She says most manufacturers are being proactive and reaching out when they don’t have a critical item for a new boat, but still, the dealer has to mitigate any delays with the customer.
Customers, she says, no longer want to hear about the pandemic causing delays. Mason says she’s detecting lots of Covid-19 fatigue from customers. “They’re just kind of over Covid. We’ve had customers say, ‘I don’t want to hear Covid as an excuse.’ Believe me, I don’t want to give you that excuse, but I don’t know what else to tell you. We’re doing the best we can to communicate the information that we’re getting. The manufacturers, in their defense, are doing the best they can, also.”
Sonny Remillard, executive vice president of service with WaterSports Central, says the supply-chain domino effect extends to just about all areas of service, too, from electronics to batteries to propulsion. “All of the above,” he says. “It started with batteries when they were going on back order. We were running around the world, doing double time to source out batteries. Then we started seeing more and more things go on back order.”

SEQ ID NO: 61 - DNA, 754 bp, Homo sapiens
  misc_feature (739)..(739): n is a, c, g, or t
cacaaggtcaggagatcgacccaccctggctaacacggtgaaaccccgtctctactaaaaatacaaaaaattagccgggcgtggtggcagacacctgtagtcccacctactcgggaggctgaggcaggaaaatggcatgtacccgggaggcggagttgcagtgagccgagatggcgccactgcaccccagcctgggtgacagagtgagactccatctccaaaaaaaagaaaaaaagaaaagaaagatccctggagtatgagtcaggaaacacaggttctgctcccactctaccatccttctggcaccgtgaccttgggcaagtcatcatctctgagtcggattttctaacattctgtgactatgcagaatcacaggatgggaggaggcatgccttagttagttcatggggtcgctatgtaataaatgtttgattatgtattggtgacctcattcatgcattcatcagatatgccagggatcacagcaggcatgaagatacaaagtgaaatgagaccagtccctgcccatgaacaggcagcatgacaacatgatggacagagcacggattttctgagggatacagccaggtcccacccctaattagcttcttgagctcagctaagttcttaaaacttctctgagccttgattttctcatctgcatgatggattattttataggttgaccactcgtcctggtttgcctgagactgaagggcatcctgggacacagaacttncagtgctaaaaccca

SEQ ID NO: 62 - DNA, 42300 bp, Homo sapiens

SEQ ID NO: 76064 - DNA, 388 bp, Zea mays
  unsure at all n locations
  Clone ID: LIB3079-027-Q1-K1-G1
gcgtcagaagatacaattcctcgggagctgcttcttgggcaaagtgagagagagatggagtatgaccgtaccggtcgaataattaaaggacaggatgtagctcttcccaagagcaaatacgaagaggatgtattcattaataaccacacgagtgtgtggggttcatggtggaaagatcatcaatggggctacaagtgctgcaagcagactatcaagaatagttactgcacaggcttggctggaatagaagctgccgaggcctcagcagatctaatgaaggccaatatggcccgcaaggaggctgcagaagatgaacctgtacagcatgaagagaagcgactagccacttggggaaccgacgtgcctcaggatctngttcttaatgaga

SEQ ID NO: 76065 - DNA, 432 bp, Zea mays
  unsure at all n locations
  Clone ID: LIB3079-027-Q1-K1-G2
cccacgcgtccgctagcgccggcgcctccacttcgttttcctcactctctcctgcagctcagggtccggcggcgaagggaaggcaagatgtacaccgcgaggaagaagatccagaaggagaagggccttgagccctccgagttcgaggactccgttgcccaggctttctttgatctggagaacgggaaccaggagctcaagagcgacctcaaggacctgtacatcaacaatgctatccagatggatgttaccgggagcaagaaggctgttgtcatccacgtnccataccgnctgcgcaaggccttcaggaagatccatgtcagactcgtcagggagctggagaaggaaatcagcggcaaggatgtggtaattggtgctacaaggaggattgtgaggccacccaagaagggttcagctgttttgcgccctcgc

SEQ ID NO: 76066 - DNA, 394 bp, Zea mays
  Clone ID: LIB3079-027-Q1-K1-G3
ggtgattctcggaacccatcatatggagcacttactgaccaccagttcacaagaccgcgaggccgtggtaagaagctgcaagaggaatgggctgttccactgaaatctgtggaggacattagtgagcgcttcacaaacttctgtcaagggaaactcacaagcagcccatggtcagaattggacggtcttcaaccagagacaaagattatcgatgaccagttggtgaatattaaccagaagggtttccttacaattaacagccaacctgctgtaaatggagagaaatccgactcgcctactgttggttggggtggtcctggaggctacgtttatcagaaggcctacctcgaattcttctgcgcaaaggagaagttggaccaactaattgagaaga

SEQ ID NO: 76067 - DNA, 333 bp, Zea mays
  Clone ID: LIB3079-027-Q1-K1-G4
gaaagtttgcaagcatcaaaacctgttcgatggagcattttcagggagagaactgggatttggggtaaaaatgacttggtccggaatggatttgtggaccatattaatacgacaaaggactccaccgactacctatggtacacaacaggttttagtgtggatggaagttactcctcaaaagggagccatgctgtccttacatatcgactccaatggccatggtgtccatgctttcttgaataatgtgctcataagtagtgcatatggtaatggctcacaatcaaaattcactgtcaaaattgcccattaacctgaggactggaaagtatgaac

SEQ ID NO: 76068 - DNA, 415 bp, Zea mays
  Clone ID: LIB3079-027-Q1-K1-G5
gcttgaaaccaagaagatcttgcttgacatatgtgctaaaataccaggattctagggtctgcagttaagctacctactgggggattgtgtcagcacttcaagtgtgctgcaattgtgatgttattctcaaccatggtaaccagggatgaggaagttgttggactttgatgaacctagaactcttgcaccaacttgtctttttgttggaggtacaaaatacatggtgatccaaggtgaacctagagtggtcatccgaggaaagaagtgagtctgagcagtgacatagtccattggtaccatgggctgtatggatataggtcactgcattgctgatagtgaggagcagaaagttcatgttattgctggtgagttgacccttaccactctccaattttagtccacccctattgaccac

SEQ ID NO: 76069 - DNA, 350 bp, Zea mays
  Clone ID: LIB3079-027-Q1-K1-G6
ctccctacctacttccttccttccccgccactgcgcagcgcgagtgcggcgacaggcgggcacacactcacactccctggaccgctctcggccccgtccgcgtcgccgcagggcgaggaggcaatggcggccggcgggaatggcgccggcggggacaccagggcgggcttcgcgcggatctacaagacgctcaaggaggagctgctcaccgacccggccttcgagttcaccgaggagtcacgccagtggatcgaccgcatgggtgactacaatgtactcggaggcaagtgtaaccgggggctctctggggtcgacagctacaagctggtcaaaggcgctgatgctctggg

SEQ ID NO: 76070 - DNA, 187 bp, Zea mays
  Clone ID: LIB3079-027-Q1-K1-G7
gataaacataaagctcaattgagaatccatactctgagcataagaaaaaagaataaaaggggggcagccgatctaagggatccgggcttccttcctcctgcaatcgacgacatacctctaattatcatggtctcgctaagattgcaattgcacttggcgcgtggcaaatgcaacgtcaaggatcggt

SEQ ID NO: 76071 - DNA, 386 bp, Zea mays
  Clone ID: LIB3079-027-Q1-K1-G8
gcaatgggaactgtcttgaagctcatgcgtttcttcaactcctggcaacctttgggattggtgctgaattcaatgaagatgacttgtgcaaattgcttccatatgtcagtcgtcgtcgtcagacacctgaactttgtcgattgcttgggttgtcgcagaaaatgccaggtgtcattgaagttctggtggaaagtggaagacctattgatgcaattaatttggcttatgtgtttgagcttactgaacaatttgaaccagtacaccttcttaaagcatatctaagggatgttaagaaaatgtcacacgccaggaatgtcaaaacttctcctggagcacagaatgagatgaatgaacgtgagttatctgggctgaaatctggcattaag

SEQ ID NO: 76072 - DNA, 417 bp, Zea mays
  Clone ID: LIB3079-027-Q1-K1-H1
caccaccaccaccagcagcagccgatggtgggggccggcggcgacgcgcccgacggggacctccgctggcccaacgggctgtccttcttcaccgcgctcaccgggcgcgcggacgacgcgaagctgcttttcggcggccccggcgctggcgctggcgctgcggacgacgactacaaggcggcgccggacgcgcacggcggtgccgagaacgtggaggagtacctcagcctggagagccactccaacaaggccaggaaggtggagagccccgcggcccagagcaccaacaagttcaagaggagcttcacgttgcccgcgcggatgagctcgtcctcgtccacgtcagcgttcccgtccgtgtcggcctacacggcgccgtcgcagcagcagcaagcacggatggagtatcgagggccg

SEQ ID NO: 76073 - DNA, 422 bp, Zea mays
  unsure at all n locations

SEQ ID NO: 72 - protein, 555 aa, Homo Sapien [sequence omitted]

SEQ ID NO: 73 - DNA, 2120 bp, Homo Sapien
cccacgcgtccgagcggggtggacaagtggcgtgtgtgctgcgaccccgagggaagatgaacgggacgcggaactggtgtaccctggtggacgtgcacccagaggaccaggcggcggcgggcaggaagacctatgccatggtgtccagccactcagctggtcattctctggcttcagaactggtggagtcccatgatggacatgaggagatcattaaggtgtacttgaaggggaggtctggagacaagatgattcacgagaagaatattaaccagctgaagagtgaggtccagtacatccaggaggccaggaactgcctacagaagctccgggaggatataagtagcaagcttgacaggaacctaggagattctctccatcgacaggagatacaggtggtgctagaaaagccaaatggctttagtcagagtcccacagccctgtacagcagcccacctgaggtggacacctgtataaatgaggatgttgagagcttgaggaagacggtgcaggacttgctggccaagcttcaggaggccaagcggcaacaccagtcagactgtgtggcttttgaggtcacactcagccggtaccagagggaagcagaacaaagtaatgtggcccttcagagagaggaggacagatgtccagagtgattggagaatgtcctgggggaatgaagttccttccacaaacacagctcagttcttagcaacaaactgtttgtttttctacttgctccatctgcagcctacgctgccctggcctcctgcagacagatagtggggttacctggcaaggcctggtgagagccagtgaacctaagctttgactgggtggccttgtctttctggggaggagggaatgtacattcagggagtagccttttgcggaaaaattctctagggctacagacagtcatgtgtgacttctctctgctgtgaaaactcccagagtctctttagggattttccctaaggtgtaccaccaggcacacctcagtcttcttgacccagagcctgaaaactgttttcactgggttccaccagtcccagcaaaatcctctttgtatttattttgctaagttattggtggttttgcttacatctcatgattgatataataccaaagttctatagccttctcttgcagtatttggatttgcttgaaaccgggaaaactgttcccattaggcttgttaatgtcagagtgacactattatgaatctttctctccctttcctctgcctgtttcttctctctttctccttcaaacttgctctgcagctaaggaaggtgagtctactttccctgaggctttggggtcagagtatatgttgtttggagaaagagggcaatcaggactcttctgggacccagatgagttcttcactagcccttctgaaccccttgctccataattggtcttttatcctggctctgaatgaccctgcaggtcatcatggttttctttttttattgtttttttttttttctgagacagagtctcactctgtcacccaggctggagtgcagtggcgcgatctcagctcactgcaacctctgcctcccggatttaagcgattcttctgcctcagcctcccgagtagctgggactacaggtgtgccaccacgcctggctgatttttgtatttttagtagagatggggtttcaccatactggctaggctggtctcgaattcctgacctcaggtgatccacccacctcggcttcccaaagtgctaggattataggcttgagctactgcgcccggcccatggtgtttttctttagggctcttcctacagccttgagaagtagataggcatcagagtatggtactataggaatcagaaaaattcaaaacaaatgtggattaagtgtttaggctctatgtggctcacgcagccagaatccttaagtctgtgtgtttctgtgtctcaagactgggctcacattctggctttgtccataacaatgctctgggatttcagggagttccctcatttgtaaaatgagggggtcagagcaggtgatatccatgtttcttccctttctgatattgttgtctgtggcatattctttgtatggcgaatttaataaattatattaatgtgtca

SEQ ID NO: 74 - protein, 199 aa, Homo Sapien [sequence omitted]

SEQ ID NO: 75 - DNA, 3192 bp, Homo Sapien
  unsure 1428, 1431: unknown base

Mason says stereo equipment “is almost impossible to get right now. It’s everything from stereo head units, thruster controllers, heater cores — I mean, it’s all over the board at this point, and we just don’t know what is going to go on back order next.”
Remillard says a lack of the most basic parts is now causing service delays. “Oil filters went on back order because manufacturers weren’t prepared for the rush,” he says. “One manufacturer got 500 oil filters in for the entire country and tried to figure out how to split them up. We ended up getting, I think, 32 split between five stores. The ultimate goal is keeping people on the water, and now [suppliers] are not able to help boaters stay on the water.”